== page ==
Do the maths
MCN investigates the best way to buy a new bike
PCP deals have been in the news recently. In the last few weeks the papers have been talking about how the sale of car PCP plans to sub-prime customers who then default could hasten another financial crisis.
While that may well be a long way off, there is no getting away from the fact that PCP (which stands for Personal Contract Plan) allows people to ride motorcycles that they thought were out of their price bracket and their common three-year cycle of replacement is great for the bike industry, too. It also gifts dealers with lots of well-cared-for used stock for people who don’t want to buy new. For all these reasons we like PCP.
You put down a deposit on the machine and then ‘lease’ it from the finance company at a monthly amount. After the lease period is up you either make a large final payment to actually own the bike or trade it in, hoping that the value is enough for the deposit on your next machine. It’s ever-more popular – 90% of new cars are ‘bought’ this way and PCP is growing fast with new and used bikes too.
However, it’s not for everyone. If you want to keep your bike for longer than three years or you clock up high mileages (some policies are restricted to 5000 miles or below), you may be better looking at other alternatives.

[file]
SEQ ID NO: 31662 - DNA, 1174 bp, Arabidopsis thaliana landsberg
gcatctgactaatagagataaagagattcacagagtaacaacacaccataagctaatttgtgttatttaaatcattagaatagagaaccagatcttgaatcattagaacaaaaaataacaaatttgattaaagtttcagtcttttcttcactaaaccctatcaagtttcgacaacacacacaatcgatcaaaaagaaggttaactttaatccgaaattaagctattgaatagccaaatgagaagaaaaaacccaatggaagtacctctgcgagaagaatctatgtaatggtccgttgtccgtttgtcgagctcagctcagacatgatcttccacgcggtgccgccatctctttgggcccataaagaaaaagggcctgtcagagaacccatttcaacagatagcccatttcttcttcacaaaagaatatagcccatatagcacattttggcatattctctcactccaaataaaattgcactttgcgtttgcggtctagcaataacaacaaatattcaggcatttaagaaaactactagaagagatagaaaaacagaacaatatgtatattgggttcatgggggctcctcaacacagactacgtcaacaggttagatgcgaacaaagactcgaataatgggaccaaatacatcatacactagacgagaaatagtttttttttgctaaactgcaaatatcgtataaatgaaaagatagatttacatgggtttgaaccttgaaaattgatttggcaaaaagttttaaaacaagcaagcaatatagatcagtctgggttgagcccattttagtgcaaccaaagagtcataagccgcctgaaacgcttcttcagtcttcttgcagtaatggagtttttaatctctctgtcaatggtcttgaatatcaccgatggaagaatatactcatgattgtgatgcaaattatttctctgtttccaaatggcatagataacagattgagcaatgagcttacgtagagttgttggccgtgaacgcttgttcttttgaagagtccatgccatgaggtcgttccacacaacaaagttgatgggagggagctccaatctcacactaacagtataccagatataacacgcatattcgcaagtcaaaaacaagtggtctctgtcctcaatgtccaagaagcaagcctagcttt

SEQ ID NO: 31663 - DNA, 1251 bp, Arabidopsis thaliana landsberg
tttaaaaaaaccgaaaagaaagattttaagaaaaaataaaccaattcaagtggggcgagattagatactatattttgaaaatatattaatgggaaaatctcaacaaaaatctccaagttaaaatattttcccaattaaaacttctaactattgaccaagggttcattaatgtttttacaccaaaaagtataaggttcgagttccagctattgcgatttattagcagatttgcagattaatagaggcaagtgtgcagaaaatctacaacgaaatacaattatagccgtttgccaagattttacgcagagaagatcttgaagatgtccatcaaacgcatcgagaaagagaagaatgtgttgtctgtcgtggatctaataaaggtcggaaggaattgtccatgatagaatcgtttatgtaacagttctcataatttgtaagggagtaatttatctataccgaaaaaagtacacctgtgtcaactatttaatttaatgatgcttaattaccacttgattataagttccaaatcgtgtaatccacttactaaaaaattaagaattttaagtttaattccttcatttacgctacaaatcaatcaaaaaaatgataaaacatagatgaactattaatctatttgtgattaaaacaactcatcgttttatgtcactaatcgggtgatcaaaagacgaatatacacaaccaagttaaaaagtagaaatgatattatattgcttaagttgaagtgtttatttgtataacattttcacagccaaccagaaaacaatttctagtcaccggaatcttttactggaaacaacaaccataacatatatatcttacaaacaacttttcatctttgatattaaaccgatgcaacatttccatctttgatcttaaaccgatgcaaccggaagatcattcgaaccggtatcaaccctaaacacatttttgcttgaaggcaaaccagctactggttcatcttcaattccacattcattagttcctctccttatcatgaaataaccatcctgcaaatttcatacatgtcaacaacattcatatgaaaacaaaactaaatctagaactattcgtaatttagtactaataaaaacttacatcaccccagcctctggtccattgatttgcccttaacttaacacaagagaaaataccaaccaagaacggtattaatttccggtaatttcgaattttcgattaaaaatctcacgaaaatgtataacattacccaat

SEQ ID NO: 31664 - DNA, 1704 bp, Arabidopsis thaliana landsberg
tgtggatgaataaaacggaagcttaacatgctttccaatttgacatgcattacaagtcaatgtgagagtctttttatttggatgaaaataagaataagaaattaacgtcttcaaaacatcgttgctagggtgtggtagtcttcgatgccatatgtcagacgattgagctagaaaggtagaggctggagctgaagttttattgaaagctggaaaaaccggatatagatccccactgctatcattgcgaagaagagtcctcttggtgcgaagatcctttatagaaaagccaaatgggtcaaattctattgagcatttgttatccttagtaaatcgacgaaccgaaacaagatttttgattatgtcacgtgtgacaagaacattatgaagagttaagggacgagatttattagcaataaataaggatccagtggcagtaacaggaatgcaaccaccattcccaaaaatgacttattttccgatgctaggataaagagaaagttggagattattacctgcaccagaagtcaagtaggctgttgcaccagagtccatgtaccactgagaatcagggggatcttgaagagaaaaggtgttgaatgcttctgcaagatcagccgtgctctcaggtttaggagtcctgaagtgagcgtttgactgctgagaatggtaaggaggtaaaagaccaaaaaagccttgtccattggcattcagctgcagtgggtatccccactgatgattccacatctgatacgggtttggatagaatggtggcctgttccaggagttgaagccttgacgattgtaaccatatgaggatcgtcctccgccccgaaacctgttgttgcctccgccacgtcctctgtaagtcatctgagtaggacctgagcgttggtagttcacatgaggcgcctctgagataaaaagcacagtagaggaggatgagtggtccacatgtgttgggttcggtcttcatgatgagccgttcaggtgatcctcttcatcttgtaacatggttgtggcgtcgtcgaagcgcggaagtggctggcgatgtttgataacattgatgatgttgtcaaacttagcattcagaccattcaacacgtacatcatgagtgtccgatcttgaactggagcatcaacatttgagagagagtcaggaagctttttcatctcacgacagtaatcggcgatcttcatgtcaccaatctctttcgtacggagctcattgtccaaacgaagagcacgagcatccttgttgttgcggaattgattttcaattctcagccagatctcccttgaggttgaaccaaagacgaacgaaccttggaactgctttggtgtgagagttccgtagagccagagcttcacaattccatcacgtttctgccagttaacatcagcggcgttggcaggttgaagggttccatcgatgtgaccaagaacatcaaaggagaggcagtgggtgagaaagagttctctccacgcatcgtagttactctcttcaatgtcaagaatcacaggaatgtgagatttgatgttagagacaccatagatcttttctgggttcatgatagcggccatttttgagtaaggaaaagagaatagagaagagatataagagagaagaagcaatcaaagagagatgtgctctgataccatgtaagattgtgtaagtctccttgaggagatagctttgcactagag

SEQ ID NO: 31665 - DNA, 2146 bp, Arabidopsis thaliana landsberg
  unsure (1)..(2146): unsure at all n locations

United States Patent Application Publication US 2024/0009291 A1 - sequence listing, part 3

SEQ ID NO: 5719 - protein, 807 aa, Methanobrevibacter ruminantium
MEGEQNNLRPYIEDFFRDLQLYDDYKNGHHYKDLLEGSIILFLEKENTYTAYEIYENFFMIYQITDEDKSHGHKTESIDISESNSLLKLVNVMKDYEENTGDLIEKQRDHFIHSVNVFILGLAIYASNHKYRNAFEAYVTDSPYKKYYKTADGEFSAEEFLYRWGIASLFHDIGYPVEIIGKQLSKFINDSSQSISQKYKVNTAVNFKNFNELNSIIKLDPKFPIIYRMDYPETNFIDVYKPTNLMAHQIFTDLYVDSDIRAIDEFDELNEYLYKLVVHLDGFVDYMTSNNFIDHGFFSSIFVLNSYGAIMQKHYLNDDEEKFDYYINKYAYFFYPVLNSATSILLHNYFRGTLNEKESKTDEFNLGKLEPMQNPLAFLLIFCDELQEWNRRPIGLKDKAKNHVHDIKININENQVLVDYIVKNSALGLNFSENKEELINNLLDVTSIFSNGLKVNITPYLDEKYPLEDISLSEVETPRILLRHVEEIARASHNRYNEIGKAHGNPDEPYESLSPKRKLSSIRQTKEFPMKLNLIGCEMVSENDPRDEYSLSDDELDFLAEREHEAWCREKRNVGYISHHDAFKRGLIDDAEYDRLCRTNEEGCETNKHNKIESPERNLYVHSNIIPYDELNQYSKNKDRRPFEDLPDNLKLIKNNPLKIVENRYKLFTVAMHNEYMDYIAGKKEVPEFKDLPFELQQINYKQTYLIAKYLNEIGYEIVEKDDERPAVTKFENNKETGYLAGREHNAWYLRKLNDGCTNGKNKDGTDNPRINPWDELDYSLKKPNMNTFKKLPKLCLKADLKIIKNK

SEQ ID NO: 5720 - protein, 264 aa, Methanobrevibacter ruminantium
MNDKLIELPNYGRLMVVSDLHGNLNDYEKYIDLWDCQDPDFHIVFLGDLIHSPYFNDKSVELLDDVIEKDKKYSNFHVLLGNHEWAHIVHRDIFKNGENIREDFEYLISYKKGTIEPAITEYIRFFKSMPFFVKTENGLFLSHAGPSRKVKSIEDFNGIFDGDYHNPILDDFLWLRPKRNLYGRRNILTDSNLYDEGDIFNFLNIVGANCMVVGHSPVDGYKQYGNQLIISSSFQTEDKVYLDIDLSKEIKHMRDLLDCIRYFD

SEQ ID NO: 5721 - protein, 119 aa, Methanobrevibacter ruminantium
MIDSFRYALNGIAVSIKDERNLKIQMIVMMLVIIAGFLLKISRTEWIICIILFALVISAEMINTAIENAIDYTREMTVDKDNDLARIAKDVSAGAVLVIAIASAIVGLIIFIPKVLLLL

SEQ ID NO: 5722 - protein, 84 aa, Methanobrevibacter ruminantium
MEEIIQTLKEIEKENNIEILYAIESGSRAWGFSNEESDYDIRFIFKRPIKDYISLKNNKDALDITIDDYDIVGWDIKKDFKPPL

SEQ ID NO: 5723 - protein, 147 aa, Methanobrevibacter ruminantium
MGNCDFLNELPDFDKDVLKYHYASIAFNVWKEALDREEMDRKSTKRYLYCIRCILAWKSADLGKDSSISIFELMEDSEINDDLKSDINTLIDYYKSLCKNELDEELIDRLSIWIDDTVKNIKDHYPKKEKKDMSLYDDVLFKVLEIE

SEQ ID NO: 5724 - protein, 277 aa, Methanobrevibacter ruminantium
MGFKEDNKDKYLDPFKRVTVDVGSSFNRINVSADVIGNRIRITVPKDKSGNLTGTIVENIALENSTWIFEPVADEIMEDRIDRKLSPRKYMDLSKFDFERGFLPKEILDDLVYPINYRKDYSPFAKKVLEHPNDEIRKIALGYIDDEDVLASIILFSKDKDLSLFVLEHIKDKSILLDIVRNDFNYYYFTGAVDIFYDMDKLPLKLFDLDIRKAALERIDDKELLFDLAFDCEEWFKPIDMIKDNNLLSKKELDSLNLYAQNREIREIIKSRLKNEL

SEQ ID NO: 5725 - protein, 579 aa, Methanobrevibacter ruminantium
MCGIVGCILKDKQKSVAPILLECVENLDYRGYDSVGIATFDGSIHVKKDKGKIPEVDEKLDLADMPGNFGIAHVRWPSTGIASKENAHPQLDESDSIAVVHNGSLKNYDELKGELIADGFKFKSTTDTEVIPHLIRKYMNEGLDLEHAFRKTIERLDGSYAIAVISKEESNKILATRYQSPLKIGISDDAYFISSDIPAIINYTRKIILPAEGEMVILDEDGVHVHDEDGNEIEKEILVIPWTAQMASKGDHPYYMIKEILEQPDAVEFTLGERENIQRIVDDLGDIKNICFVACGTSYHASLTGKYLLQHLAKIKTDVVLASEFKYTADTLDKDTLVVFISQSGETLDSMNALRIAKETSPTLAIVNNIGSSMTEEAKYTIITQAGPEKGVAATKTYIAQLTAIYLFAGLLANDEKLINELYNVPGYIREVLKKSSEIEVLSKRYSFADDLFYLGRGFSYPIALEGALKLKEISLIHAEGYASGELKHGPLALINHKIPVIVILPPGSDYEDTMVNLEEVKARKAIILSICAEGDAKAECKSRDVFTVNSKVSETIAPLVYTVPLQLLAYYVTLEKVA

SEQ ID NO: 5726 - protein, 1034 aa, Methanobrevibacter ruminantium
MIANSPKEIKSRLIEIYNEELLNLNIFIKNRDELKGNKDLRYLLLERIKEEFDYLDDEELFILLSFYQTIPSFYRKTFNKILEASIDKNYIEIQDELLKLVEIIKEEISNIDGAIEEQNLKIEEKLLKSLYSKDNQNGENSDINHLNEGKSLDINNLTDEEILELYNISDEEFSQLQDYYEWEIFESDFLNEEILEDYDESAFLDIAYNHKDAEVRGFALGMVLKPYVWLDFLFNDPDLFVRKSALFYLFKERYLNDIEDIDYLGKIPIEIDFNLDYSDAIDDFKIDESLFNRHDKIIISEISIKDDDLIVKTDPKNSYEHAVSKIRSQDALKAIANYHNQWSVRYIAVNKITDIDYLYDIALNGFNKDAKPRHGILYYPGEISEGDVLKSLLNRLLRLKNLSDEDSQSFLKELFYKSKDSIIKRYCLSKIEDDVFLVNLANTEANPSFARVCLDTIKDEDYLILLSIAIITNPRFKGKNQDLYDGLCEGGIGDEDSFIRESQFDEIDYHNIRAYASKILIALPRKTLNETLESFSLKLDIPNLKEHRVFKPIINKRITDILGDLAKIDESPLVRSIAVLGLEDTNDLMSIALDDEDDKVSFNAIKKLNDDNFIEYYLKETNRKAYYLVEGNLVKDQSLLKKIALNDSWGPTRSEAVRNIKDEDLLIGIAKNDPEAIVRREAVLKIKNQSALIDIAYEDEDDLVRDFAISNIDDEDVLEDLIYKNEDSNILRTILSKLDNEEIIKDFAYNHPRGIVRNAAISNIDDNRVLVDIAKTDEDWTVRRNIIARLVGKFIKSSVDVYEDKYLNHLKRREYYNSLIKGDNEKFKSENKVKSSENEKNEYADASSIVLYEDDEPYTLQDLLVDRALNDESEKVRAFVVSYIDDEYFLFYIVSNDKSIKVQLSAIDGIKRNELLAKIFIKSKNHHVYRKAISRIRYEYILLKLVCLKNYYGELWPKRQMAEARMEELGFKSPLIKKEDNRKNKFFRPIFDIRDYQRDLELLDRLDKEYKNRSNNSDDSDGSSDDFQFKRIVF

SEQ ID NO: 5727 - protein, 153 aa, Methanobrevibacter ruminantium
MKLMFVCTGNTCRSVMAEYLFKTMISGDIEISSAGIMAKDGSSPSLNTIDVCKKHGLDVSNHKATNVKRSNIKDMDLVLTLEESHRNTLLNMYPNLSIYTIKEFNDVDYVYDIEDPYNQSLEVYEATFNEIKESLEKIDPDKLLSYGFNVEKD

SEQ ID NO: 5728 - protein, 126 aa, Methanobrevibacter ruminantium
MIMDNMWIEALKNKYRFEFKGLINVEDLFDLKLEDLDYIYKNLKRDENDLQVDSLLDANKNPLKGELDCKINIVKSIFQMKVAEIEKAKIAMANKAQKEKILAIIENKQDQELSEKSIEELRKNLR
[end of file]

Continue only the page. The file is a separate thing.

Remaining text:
There are two main other options here – the first is old-fashioned hire purchase, secured on the value of the bike, which is owned by the finance company. You put down a deposit and then pay off the value of the bike, plus interest. Once you’ve paid off the full amount, you own the bike and are free to keep it or sell it and buy a new bike.
The other route is a personal loan – this isn’t secured on the bike itself and if you shop around you can acquire some favourable rates. Many dealers offer loan facilities, although it does pay to shop around for the lowest rate.
It’s possible to secure a lower interest rate than with some PCP deals, but because you are paying off the full value of the machine, monthly repayments are higher. The advantages are that there are no final payments and you own the bike from the word go. Many bank loans offer the flexibility of allowing you to make extra payments.
To see which is cheaper, we compared buying a Yamaha on PCP and with a personal loan to see which was the cheaper, both in the short and the long term. The deposits come from our buyer trading in a bike worth £2000 and using that for the new bike – it’s hard to compare with higher deposits as PCP deals normally only allow a deposit of 25%. The figures come from example rates for Yamaha’s yamahafinance.com scheme and from running an anonymous search on moneysupermarket. com for the best rate personal loan, which was with TSB.
One thing is for certain: You have plenty of buying options
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